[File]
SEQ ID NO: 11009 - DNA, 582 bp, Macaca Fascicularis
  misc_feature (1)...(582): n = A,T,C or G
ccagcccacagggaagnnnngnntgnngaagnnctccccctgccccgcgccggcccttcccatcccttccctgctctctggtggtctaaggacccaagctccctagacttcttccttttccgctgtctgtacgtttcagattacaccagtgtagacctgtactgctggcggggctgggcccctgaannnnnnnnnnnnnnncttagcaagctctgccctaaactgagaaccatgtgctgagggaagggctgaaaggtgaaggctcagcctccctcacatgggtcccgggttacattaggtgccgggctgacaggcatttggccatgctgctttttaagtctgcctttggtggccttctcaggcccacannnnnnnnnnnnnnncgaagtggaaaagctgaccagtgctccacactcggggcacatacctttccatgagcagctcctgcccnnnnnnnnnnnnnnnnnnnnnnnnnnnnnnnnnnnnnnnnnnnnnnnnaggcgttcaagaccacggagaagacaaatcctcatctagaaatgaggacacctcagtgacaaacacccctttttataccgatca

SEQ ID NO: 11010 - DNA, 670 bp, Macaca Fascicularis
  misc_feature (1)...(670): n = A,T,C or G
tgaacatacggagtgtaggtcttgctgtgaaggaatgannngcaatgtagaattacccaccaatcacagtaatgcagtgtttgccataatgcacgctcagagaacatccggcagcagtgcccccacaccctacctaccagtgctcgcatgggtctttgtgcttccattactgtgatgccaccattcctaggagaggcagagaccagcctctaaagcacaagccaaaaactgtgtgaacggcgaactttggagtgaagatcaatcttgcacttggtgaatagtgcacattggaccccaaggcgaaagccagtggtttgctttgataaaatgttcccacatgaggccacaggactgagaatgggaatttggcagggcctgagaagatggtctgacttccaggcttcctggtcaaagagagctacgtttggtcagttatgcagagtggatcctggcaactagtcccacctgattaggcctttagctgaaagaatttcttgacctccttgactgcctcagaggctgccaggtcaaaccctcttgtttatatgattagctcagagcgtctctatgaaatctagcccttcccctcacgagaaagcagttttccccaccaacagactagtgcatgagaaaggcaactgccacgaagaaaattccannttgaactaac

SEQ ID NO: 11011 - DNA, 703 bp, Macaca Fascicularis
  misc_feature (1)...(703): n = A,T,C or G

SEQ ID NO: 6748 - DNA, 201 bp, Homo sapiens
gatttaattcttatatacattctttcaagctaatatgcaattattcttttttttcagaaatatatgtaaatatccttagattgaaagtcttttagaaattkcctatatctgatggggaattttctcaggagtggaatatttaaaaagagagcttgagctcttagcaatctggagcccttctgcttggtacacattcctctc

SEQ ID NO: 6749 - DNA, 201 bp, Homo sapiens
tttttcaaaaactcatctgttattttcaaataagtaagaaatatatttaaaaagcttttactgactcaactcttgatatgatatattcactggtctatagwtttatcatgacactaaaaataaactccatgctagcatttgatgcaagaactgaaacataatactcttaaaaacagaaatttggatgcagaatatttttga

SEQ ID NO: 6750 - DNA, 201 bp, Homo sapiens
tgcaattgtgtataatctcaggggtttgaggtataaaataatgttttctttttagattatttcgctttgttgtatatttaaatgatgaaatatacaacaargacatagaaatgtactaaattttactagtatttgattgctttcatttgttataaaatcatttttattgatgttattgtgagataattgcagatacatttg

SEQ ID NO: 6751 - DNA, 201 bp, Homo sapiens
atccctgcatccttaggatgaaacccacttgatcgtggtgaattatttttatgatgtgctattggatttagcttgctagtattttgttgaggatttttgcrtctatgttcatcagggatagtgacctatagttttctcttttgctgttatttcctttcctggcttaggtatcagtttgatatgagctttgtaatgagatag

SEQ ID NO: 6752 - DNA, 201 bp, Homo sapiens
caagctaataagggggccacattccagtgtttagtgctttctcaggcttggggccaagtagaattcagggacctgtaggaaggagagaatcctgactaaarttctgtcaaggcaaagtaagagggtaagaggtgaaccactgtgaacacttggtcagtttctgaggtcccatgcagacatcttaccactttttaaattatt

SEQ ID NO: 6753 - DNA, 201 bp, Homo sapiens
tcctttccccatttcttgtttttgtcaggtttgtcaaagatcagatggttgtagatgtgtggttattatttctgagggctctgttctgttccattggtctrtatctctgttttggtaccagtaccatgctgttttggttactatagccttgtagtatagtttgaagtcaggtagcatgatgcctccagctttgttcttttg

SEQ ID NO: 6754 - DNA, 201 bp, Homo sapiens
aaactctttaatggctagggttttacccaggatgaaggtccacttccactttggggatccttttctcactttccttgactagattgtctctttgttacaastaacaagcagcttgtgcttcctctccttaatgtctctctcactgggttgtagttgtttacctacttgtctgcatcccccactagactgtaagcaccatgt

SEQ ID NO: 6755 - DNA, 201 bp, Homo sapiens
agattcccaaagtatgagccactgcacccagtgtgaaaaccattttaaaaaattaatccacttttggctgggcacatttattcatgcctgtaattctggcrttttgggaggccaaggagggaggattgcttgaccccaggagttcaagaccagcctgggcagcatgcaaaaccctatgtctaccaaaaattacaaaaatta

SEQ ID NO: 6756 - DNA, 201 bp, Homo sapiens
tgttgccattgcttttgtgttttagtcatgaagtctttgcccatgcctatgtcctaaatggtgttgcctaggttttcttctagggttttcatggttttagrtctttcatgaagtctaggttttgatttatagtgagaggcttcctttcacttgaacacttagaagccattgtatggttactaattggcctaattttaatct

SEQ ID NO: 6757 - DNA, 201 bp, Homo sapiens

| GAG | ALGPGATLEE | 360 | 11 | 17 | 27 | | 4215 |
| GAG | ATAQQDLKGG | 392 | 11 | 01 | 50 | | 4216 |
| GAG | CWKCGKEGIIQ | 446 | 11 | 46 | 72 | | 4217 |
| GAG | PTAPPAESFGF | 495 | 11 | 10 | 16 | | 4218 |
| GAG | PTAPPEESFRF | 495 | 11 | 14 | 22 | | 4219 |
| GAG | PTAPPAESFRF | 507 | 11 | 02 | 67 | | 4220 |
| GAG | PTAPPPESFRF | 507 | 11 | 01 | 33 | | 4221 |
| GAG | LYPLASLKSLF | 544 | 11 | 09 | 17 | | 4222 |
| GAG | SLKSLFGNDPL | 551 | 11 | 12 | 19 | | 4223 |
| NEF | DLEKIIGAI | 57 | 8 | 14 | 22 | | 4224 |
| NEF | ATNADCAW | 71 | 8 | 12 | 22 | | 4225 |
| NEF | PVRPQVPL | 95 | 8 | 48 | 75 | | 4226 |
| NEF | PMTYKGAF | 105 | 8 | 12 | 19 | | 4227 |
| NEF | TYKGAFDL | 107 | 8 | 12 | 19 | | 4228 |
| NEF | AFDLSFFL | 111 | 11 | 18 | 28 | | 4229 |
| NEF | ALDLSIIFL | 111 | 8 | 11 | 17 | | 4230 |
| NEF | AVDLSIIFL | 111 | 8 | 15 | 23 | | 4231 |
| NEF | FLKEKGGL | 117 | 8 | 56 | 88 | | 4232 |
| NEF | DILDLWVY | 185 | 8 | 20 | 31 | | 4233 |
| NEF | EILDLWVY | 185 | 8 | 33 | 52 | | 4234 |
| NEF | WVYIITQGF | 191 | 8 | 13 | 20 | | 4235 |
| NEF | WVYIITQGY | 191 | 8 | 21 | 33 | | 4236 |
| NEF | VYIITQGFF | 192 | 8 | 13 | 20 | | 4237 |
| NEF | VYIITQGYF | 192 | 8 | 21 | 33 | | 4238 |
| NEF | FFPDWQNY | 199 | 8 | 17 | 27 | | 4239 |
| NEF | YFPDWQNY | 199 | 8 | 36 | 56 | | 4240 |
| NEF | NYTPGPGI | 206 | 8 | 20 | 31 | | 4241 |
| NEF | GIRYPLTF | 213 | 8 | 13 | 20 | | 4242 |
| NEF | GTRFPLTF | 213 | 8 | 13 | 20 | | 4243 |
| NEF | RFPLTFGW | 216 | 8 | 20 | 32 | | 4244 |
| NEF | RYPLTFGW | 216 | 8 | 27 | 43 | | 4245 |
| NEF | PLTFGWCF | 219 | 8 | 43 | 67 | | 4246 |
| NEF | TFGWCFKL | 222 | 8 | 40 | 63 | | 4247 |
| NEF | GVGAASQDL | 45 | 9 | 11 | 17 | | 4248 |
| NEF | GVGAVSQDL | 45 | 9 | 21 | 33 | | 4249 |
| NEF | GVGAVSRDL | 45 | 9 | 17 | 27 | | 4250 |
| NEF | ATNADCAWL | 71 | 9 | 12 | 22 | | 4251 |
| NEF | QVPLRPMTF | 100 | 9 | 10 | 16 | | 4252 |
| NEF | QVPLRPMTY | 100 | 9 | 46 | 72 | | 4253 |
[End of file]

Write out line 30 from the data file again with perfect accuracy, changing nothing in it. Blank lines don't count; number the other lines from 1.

| GAG | CWKCGKEGIIQ | 446 | 11 | 46 | 72 | | 4217 |